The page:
As Comet ISON made its approach to the sun to slingshot around it, it disappeared out of view and astronomers had feared the worst.
But somehow, it seems, Comet ISON may just have survived its fiery encounter.
Images show an object emerging from the other side moving away from the sun, gradually getting brighter and brighter.
“Now, in the latest LASCO C3 images, we are seeing something beginning to gradually brighten up again,” comet expert Karl Battams, of the U.S. Navy Research Laboratory in Washington, D.C., wrote in an evening blog post. “One could almost be forgiven for thinking that there’s a comet in the images!”
(Image Credit: ESA/NASA/SOHO/GSFC)
A NASA update released early Friday also confirms the sightings of what seems to be ISON.
“Continuing a history of surprising behavior, material from Comet ISON appeared on the other side of the sun on the evening on Nov. 28, 2013, despite not having been seen in observations during its closest approach to the sun,” NASA officials wrote. “The question remains whether it is merely debris from the comet, or if some portion of the comet’s nucleus survived, but late-night analysis from scientists with NASA’s Comet ISON Observing Campaign suggest that there is at least a small nucleus intact.”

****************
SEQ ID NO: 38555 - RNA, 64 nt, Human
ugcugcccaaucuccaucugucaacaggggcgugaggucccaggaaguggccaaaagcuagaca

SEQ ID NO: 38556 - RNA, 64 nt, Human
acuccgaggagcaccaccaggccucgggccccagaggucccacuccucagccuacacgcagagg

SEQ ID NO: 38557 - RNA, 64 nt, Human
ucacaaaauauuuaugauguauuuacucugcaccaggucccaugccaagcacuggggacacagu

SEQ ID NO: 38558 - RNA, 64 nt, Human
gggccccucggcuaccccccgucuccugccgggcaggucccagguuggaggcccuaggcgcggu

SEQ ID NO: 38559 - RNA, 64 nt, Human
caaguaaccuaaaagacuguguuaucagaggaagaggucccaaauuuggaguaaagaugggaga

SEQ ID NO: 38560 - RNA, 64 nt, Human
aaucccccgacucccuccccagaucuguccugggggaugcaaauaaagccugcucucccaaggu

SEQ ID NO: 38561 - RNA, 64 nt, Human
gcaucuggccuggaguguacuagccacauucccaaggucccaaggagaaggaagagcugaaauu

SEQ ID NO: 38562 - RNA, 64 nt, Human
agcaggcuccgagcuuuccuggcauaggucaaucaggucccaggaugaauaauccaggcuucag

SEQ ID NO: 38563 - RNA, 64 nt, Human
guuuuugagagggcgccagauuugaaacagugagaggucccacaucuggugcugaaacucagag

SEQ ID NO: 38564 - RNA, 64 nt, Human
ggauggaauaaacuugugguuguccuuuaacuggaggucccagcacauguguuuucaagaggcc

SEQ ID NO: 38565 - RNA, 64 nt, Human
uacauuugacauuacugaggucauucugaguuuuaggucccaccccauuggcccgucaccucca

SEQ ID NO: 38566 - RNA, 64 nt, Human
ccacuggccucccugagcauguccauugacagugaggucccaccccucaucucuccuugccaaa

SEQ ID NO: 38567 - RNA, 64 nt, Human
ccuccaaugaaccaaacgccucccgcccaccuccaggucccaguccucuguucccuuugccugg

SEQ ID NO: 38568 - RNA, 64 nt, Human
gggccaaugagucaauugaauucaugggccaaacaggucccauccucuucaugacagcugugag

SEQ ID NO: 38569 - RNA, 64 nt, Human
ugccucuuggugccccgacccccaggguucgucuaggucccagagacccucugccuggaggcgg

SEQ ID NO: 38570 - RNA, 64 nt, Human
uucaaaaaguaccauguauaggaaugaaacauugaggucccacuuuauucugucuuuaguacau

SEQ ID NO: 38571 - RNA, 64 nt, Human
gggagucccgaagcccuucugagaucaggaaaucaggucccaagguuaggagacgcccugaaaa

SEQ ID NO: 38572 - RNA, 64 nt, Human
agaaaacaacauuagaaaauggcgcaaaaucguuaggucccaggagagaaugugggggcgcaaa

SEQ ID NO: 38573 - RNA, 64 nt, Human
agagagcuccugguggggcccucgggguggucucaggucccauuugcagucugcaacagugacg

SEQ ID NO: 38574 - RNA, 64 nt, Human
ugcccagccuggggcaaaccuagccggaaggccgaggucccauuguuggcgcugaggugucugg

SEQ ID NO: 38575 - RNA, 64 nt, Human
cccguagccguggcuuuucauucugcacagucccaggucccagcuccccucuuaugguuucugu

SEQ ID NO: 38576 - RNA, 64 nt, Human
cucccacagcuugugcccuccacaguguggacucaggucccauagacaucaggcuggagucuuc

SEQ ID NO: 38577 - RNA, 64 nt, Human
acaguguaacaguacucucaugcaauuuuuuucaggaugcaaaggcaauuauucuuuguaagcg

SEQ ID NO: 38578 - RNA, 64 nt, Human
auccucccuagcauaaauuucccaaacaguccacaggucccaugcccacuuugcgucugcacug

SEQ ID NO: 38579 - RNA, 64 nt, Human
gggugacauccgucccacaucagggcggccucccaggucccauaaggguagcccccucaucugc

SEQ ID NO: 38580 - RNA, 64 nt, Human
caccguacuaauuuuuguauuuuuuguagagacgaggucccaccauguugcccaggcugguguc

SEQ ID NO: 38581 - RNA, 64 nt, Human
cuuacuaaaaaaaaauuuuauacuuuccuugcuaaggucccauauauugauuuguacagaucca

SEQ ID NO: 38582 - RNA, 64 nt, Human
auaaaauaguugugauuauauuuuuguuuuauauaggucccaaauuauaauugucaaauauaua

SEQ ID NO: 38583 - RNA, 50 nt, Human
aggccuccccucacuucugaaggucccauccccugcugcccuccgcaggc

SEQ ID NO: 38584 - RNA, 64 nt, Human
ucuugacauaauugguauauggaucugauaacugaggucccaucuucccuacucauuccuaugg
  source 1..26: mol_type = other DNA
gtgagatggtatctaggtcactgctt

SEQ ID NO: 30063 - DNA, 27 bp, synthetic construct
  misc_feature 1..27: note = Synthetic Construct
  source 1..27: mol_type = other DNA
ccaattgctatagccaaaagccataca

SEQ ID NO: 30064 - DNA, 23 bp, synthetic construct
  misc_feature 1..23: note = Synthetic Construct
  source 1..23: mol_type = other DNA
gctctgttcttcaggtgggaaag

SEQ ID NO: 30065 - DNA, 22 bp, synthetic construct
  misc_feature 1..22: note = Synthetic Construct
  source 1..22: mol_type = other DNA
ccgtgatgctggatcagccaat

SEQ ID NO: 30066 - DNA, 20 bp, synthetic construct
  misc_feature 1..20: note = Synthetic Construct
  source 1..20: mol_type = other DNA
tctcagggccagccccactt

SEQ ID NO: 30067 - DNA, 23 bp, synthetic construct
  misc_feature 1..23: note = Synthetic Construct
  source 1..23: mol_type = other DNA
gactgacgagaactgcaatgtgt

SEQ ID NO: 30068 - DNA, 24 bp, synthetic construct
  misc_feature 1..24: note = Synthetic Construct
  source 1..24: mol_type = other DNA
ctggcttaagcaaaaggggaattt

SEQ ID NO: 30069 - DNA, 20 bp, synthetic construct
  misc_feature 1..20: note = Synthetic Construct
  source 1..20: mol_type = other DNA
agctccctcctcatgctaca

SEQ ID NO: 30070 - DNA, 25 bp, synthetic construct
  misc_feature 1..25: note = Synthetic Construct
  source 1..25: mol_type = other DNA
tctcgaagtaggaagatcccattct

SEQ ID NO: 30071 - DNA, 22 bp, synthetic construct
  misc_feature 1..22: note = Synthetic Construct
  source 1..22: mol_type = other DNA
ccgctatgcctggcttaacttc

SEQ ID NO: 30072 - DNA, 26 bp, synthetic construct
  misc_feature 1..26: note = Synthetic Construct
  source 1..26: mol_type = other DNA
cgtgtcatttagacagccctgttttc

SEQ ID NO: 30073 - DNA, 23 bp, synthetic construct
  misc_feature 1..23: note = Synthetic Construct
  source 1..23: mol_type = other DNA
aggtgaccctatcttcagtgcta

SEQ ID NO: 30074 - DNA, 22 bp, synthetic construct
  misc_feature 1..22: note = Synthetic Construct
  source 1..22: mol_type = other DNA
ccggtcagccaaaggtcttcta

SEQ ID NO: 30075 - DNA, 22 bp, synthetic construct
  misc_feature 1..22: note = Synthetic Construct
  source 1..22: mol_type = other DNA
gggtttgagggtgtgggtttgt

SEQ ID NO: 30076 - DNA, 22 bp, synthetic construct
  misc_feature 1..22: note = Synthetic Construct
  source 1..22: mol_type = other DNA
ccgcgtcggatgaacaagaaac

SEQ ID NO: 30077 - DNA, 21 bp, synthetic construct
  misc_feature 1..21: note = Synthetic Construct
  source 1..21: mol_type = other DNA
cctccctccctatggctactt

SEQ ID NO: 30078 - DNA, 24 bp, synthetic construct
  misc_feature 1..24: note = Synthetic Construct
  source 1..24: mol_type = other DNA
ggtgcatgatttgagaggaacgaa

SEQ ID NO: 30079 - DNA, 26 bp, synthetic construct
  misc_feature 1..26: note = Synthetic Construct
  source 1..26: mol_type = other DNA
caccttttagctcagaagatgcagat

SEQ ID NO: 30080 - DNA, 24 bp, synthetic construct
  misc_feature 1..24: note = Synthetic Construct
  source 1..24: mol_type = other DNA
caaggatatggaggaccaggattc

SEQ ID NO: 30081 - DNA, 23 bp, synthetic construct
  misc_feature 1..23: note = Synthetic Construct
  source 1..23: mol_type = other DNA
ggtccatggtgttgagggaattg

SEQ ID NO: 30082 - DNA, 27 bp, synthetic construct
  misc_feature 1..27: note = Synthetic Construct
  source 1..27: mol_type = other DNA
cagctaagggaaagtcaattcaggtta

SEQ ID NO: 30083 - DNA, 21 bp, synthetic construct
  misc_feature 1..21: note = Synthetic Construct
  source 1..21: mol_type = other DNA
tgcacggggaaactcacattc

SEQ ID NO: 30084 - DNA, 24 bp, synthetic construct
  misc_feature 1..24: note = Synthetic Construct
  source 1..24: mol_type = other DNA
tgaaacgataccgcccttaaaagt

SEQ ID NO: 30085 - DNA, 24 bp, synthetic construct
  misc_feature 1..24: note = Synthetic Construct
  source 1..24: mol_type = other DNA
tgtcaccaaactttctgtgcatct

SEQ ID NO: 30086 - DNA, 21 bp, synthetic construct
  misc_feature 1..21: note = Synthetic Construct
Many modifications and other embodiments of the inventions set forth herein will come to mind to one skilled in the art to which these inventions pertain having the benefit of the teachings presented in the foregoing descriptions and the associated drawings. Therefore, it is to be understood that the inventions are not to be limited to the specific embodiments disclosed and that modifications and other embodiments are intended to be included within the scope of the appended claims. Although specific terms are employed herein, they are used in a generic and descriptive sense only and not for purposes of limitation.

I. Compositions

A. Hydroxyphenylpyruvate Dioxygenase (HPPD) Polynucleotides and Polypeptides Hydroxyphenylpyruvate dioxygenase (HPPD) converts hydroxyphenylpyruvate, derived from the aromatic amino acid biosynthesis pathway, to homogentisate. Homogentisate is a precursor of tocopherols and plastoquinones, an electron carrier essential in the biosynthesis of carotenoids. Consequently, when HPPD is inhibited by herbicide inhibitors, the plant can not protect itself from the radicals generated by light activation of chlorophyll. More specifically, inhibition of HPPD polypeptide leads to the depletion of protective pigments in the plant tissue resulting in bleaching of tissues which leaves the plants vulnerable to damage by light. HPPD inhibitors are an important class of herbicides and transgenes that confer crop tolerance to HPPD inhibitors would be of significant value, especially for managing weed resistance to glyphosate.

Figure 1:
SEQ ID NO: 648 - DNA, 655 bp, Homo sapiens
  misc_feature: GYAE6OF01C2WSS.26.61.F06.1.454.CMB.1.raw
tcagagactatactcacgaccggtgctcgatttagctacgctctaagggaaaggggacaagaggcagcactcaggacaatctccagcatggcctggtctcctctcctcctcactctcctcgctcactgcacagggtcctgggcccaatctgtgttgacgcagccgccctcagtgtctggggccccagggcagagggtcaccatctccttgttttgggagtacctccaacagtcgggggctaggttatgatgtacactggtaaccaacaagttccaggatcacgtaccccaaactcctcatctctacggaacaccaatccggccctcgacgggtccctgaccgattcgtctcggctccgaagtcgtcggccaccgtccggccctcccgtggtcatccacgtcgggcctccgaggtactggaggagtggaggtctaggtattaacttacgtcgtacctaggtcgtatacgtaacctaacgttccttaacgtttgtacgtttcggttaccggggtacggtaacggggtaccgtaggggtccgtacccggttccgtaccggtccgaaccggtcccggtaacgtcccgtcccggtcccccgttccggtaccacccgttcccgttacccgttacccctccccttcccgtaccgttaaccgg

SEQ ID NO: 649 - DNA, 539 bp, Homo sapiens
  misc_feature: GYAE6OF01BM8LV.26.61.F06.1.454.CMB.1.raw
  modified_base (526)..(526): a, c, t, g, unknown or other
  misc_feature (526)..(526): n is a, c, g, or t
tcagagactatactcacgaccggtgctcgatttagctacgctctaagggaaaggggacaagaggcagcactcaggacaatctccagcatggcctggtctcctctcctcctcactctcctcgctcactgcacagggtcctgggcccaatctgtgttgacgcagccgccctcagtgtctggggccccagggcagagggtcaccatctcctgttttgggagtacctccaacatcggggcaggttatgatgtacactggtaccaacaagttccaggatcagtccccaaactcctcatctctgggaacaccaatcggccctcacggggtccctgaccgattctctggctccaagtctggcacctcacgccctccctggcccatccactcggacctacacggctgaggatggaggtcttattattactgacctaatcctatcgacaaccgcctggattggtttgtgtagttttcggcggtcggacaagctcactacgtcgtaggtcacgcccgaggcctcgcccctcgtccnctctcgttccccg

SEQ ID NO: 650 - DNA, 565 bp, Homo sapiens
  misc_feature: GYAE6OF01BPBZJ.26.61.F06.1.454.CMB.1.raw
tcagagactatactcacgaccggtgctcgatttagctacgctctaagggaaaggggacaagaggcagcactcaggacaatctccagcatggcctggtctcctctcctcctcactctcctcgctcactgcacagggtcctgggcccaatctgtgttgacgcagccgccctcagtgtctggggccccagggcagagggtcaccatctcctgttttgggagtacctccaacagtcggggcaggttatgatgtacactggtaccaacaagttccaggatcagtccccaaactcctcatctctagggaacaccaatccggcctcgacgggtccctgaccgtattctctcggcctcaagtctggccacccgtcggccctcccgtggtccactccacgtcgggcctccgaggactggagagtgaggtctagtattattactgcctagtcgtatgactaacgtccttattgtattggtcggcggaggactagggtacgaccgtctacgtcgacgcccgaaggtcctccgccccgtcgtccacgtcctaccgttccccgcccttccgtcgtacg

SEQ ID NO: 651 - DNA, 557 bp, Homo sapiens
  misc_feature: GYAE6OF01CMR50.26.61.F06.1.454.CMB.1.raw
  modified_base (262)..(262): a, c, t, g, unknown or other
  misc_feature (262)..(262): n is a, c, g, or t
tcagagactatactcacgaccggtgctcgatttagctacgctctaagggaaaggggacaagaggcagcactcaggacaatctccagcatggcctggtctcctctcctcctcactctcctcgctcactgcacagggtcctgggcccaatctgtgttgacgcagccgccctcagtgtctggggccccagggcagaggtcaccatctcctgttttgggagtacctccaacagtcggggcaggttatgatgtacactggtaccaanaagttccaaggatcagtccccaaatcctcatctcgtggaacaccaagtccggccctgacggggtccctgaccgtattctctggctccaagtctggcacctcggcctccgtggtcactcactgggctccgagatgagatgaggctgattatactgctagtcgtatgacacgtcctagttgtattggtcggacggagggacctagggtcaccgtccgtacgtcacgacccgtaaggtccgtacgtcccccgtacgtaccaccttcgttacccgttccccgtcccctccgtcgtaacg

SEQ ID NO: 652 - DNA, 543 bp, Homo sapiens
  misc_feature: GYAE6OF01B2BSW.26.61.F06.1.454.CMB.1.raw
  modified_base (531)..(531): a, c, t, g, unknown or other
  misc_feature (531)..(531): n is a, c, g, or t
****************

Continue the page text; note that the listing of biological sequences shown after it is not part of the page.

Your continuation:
ISON came within a very close 684,000 miles to the surface of the sun, where it would have felt the extreme gravitational forces of our star. Since its discovery back in 2012, the comets survival of its impending encounter has always been a big question mark.
While it seems to have survived its encounter, though, it is still unclear how much of ISON is still actually intact.
“We have no way to estimate nucleus size from SOHO or STEREO and it’s just way too early to speculate on ISON’s future,” Battams told SPACE.com in an email. “It is only a few hours old if we consider its survival as a ‘rebirthing.'”
Check out the entire article here at LiveScience.